Malaysian athlete Muhammad Ziyad Zolkefli posted a heartbreaking apology on Instagram today after he was disqualified from receiving what could have been Malaysia’s second gold medal at the 2020 Tokyo Paralympics.
The 31-year-old had hurled the shot put to a distance of 17.94 meters on his third attempt, qualifying him for a gold medal. But the World Para Athletics, or WPA, decided to rob him of that opportunity because he was late to the call room, sparking a public uproar in Malaysia.
“I apologize to all Malaysians,” Ziyad wrote online today. “Thank you for your support.”
Ukraine’s Maksym Koval, who threw the shot put to a distance of 17.34 meters was awarded gold instead. According to the sporting rules, athletes who do not turn up to the call room on time will not be allowed to compete.
In its statement today, WPA said that Ziyad as well as two other athletes from Ecuador and Australia did not turn up at the call room on time but were still allowed to “compete under protest” while the referee evaluated evidence as to why the athletes were late. The referee later found that “there was no justifiable reason for the athletes’ failure to report to the call room on time.” The jury of appeal later upheld the referee’s stand and declared the athletes’ results as “Did Not Start,” which is as good as the athletes not competing at all.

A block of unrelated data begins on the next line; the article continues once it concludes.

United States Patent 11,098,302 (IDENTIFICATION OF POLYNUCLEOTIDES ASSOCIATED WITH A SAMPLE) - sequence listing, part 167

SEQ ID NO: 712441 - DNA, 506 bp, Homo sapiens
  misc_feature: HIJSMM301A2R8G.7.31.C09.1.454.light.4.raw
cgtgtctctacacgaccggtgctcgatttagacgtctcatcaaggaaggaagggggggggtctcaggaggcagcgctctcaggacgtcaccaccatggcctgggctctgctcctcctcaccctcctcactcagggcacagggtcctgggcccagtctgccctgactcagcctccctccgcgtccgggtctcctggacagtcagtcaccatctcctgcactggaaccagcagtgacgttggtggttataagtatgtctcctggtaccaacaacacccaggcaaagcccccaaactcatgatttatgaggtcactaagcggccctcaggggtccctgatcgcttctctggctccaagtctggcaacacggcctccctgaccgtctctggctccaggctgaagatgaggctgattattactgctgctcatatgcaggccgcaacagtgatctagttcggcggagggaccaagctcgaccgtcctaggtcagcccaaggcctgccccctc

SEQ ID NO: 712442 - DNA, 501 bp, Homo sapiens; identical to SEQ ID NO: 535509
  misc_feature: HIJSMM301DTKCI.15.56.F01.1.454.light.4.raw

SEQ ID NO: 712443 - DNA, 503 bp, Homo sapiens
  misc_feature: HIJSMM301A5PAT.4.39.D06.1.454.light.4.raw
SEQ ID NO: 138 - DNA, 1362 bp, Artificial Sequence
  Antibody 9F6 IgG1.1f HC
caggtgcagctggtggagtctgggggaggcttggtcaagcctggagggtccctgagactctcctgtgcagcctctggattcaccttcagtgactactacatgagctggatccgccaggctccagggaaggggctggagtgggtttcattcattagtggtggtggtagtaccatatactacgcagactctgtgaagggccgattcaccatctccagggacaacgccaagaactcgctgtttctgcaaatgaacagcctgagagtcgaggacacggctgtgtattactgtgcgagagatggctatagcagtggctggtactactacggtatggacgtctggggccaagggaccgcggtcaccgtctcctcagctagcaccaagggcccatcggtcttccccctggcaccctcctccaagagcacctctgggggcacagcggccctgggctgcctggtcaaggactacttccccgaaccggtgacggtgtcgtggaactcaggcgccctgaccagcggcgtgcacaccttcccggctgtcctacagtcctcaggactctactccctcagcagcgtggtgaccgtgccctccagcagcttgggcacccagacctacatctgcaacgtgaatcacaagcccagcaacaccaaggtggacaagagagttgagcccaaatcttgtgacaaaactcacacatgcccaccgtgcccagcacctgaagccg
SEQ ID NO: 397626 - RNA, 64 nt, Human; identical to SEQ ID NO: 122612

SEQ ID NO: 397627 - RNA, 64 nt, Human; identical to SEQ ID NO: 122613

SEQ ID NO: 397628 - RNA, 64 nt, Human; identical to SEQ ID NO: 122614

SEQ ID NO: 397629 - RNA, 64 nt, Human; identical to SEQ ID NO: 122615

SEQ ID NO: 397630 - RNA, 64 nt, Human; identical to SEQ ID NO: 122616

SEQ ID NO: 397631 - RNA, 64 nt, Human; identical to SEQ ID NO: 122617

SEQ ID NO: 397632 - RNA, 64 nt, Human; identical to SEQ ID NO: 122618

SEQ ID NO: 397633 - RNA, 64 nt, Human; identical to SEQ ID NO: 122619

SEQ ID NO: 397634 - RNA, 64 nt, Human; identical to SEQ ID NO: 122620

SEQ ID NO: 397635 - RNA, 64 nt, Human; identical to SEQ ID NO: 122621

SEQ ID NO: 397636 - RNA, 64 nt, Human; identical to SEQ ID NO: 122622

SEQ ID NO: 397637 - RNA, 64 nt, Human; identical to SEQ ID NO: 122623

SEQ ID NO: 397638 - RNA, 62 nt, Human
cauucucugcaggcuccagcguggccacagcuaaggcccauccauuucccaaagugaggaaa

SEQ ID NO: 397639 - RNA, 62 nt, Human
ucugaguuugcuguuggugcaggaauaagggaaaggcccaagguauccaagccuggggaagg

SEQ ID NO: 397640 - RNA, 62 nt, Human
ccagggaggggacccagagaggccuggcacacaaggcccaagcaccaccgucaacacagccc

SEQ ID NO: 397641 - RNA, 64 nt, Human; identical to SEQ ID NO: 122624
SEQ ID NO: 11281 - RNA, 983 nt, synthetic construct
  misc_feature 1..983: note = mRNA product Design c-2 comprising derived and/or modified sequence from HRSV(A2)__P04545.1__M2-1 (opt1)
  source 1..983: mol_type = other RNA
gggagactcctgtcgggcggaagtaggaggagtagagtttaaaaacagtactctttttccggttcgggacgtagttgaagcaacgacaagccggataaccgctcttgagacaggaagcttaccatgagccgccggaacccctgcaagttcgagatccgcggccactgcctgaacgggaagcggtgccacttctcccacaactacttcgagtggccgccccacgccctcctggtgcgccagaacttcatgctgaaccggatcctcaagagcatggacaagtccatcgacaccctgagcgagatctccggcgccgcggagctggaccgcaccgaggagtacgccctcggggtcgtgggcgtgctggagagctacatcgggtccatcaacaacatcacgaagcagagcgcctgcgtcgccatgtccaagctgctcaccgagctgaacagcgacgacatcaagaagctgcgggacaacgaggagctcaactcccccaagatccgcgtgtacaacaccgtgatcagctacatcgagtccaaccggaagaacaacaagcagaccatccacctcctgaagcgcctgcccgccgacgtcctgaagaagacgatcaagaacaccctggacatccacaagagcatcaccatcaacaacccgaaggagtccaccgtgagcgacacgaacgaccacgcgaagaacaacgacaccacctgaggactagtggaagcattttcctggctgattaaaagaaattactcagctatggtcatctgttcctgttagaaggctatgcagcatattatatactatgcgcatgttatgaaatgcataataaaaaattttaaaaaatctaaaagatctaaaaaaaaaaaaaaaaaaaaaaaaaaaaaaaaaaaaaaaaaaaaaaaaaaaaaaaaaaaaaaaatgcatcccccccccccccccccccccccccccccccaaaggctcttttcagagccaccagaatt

Ziyad was a gold medalist at the 2016 Rio Paralympics. Yesterday, Ziyad even broke his previous record of 17.29m that he set at the 2017 World Para Athletics Championships in London.
Among the thousands who showed support for Ziyad were former badminton player Lee Chong Wei.
“It’s OK, Ziyad,” Lee wrote. “Everyone knows that you set this year’s new world record. You can set another record in Paris three years later. You [are] already our hero.”
Olympic diver Nur Dhabitah Sabri chimed in, saying: “You don’t need to apologize, you’re the greatest. Everyone is very proud of you.”
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This article, Disqualified Malaysian shot-putter ‘sorry’ for gold medal loss in Tokyo Paralympics, originally appeared on Coconuts, Asia’s leading alternative media company.